# Isocline

of a first-order differential equation

$$\tag{* } y ^ \prime = f ( x, y)$$

A set of points in the $( x, y)$- plane at which the inclinations of the direction field defined by equation

are one and the same. If $k$ is an arbitrary real number, then the $k$- isocline of equation

is the set

$$\{ {( x, y) } : {f ( x, y) = k } \}$$

(in general, this is a curve); at each of its points the (oriented) angle between the $x$- axis and the tangent to the solution of

going through the point is ${ \mathop{\rm arc} \mathop{\rm tan} } k$. For example, the $0$- isocline is defined by the equation $f ( x, y) = 0$ and consists of just those points of the $( x, y)$- plane at which the solutions of equation

have horizontal tangents. The $k$- isocline of

is simultaneously a solution of

if and only if it is a line with slope $k$.

A rough qualitative representation of the behaviour of the integral curves (cf. Integral curve) of

can be obtained if the isoclines of the given equation are constructed for a sufficiently frequent choice of the parameter $k$, and if the corresponding inclinations of the integral curves are drawn (the method of isoclines). It is also useful to construct the $\infty$- isocline, defined by the equation $1/ {f ( x, y) } = 0$; at the points of the $\infty$- isocline the integral curves of equation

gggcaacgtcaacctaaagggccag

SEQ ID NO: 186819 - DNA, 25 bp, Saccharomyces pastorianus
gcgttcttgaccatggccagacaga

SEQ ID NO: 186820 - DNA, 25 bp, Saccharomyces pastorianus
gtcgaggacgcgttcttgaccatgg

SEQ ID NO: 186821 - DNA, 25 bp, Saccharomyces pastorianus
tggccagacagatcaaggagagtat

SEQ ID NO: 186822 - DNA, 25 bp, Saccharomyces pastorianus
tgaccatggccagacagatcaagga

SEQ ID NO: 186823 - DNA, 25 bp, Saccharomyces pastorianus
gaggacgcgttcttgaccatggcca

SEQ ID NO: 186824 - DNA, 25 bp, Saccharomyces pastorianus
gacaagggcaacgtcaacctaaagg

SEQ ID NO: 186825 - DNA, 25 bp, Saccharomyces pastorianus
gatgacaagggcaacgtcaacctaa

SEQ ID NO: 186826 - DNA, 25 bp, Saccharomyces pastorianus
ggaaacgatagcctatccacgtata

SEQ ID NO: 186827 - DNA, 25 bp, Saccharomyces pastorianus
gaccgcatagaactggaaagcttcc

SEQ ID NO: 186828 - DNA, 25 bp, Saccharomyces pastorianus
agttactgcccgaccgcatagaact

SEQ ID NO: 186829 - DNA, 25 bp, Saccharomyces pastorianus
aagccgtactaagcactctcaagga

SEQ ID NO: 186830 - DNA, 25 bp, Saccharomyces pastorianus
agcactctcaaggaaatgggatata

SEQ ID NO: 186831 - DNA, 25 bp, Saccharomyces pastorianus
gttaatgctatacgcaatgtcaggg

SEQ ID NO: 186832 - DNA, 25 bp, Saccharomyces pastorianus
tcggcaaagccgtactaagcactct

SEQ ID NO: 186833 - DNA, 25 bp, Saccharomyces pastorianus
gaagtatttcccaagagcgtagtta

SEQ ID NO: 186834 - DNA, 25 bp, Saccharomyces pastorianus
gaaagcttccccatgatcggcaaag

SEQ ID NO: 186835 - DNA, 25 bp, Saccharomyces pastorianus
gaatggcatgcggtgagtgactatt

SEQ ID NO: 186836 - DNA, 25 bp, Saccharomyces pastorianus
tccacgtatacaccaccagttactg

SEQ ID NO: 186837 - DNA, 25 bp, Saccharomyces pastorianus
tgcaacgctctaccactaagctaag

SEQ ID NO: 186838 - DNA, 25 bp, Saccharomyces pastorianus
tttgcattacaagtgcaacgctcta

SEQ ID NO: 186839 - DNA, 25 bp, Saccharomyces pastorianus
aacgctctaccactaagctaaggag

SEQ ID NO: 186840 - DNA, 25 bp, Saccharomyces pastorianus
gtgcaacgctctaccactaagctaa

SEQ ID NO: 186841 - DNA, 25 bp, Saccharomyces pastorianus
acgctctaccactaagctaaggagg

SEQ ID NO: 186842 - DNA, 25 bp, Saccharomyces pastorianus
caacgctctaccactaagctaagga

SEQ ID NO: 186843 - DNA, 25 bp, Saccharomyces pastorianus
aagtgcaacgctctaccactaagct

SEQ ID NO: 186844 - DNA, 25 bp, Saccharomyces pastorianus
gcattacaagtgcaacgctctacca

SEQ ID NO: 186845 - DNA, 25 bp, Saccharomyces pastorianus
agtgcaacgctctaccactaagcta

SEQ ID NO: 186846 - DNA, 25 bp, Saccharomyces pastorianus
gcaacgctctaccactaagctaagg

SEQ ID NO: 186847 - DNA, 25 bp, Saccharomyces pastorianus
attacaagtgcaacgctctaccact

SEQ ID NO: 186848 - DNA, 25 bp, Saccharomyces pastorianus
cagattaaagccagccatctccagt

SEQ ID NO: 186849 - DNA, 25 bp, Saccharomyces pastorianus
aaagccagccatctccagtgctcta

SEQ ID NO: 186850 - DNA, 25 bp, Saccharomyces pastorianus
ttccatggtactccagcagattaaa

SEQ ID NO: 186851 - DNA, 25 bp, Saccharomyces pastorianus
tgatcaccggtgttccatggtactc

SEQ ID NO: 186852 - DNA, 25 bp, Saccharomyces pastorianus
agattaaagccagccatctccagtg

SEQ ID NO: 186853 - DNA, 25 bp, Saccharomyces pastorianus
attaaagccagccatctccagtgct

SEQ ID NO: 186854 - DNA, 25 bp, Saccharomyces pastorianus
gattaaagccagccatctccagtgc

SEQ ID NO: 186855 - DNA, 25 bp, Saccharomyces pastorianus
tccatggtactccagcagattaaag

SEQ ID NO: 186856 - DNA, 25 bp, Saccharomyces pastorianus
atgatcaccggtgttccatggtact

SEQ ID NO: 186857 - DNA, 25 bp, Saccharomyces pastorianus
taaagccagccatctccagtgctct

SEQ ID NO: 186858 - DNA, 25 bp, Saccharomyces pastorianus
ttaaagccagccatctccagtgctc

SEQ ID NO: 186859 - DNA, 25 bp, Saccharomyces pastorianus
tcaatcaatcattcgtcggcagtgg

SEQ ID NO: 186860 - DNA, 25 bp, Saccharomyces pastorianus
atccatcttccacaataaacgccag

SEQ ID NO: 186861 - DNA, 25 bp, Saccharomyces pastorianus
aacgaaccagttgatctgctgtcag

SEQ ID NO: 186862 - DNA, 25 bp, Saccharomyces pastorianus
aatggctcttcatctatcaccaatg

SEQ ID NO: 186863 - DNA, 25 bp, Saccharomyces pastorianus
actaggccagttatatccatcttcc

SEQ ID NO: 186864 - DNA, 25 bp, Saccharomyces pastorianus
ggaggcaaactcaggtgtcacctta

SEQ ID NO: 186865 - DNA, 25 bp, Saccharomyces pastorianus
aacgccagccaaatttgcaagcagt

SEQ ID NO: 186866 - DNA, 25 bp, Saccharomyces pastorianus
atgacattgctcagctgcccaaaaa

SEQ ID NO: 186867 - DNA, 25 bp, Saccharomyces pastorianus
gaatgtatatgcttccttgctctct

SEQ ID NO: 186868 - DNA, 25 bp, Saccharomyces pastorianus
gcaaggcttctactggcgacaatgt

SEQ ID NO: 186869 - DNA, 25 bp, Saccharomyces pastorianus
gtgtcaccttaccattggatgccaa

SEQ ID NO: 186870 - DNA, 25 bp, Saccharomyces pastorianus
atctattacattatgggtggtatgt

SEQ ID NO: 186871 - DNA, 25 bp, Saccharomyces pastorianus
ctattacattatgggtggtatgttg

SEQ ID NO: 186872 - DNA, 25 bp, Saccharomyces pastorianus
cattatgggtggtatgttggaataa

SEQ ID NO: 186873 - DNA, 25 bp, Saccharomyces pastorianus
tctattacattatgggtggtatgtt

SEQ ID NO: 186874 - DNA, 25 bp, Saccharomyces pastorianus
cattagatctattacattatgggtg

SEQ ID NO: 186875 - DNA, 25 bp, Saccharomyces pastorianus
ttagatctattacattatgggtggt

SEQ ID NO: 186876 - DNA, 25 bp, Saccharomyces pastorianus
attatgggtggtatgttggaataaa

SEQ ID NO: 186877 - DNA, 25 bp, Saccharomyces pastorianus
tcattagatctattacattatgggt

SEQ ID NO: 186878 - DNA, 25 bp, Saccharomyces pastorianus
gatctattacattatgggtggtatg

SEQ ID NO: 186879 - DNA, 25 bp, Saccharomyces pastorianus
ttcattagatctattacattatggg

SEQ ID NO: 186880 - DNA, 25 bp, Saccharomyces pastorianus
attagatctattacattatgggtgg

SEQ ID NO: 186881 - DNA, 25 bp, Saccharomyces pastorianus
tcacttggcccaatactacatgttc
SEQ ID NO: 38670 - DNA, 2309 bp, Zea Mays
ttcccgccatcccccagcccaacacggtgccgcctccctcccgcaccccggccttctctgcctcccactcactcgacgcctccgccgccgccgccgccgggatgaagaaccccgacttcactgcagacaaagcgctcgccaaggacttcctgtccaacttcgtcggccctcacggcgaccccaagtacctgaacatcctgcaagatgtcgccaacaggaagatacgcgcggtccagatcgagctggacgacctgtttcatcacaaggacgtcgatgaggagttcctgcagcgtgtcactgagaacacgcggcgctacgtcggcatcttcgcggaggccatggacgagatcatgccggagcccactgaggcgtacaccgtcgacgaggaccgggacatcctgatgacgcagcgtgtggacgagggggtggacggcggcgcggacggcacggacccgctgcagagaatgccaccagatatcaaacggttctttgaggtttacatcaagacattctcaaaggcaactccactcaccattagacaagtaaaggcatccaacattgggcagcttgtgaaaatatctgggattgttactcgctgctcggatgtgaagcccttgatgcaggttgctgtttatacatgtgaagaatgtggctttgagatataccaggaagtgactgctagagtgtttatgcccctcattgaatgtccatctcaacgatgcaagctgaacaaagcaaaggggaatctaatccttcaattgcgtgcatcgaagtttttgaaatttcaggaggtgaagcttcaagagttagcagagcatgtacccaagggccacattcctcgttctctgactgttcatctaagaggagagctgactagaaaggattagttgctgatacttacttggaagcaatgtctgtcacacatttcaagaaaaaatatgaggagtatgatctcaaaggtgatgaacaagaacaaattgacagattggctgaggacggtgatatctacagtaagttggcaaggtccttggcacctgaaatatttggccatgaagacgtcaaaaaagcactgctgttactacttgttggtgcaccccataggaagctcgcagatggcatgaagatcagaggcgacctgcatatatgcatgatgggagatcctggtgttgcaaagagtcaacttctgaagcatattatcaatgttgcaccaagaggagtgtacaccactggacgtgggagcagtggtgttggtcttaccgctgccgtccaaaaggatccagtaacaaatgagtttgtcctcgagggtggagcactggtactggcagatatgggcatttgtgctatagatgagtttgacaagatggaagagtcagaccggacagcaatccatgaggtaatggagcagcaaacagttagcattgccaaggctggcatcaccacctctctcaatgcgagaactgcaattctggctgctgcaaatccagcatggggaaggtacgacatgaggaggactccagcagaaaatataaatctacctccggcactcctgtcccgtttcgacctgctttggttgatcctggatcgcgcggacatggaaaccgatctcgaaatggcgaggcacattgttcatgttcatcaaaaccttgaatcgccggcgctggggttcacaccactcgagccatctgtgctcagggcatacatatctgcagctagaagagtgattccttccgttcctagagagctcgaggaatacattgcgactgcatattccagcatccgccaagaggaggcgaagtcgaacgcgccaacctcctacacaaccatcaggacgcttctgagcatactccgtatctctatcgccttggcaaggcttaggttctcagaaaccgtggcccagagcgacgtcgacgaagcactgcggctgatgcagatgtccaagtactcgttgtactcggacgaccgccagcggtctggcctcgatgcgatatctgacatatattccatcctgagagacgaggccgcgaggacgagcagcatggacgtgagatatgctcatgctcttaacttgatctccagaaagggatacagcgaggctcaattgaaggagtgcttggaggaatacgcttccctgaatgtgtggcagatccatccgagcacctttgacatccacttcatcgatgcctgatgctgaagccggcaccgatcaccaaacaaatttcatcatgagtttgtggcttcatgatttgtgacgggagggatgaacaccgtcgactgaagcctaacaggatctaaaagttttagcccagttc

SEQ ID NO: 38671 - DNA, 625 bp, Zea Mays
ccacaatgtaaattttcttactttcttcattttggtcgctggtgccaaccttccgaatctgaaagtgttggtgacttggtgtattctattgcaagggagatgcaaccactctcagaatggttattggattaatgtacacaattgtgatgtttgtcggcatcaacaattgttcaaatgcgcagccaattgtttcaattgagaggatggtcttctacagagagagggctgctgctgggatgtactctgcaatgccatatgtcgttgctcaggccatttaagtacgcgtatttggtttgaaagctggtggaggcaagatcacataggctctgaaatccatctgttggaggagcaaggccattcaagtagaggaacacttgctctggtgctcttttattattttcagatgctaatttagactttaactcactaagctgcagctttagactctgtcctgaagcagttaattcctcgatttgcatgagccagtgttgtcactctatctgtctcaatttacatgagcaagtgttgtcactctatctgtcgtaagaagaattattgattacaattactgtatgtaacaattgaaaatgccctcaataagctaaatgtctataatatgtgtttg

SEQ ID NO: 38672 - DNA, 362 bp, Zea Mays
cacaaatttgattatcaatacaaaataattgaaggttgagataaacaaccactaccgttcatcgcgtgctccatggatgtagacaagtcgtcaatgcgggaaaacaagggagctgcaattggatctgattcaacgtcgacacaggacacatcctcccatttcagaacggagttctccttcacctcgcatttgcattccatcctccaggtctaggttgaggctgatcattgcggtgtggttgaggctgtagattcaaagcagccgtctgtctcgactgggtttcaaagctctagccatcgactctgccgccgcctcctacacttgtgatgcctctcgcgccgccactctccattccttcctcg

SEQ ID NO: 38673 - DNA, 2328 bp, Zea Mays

have vertical tangents. The (local) extreme points of the solutions of

can lie on the $0$- isocline only, and the points of inflection of the solution can lie only on the curve

$$\frac{\partial f ( x, y) }{\partial x } + f ( x, y) \frac{\partial f ( x, y) }{\partial y } = 0.$$

For a first-order equation not solvable with respect to the derivative,

$$F ( x, y, y ^ \prime ) = 0,$$

the $k$- isocline is defined as the set

$$\{ {( x, y) } : {F ( x, y, k) = 0 } \} .$$

In the case of a second-order autonomous system,

$$\dot{x} = f ( x, y),\ \ \dot{y} = g ( x, y),$$

the set of points in the phase plane at which the vectors of the phase velocity are collinear is an isocline of the equation

$$\frac{dy }{dx } = \ \frac{g ( x, y) }{f ( x, y) } .$$

#### References

 [1] W.W. [V.V. Stepanov] Stepanow, "Lehrbuch der Differentialgleichungen" , Deutsch. Verlag Wissenschaft. (1956) (Translated from Russian)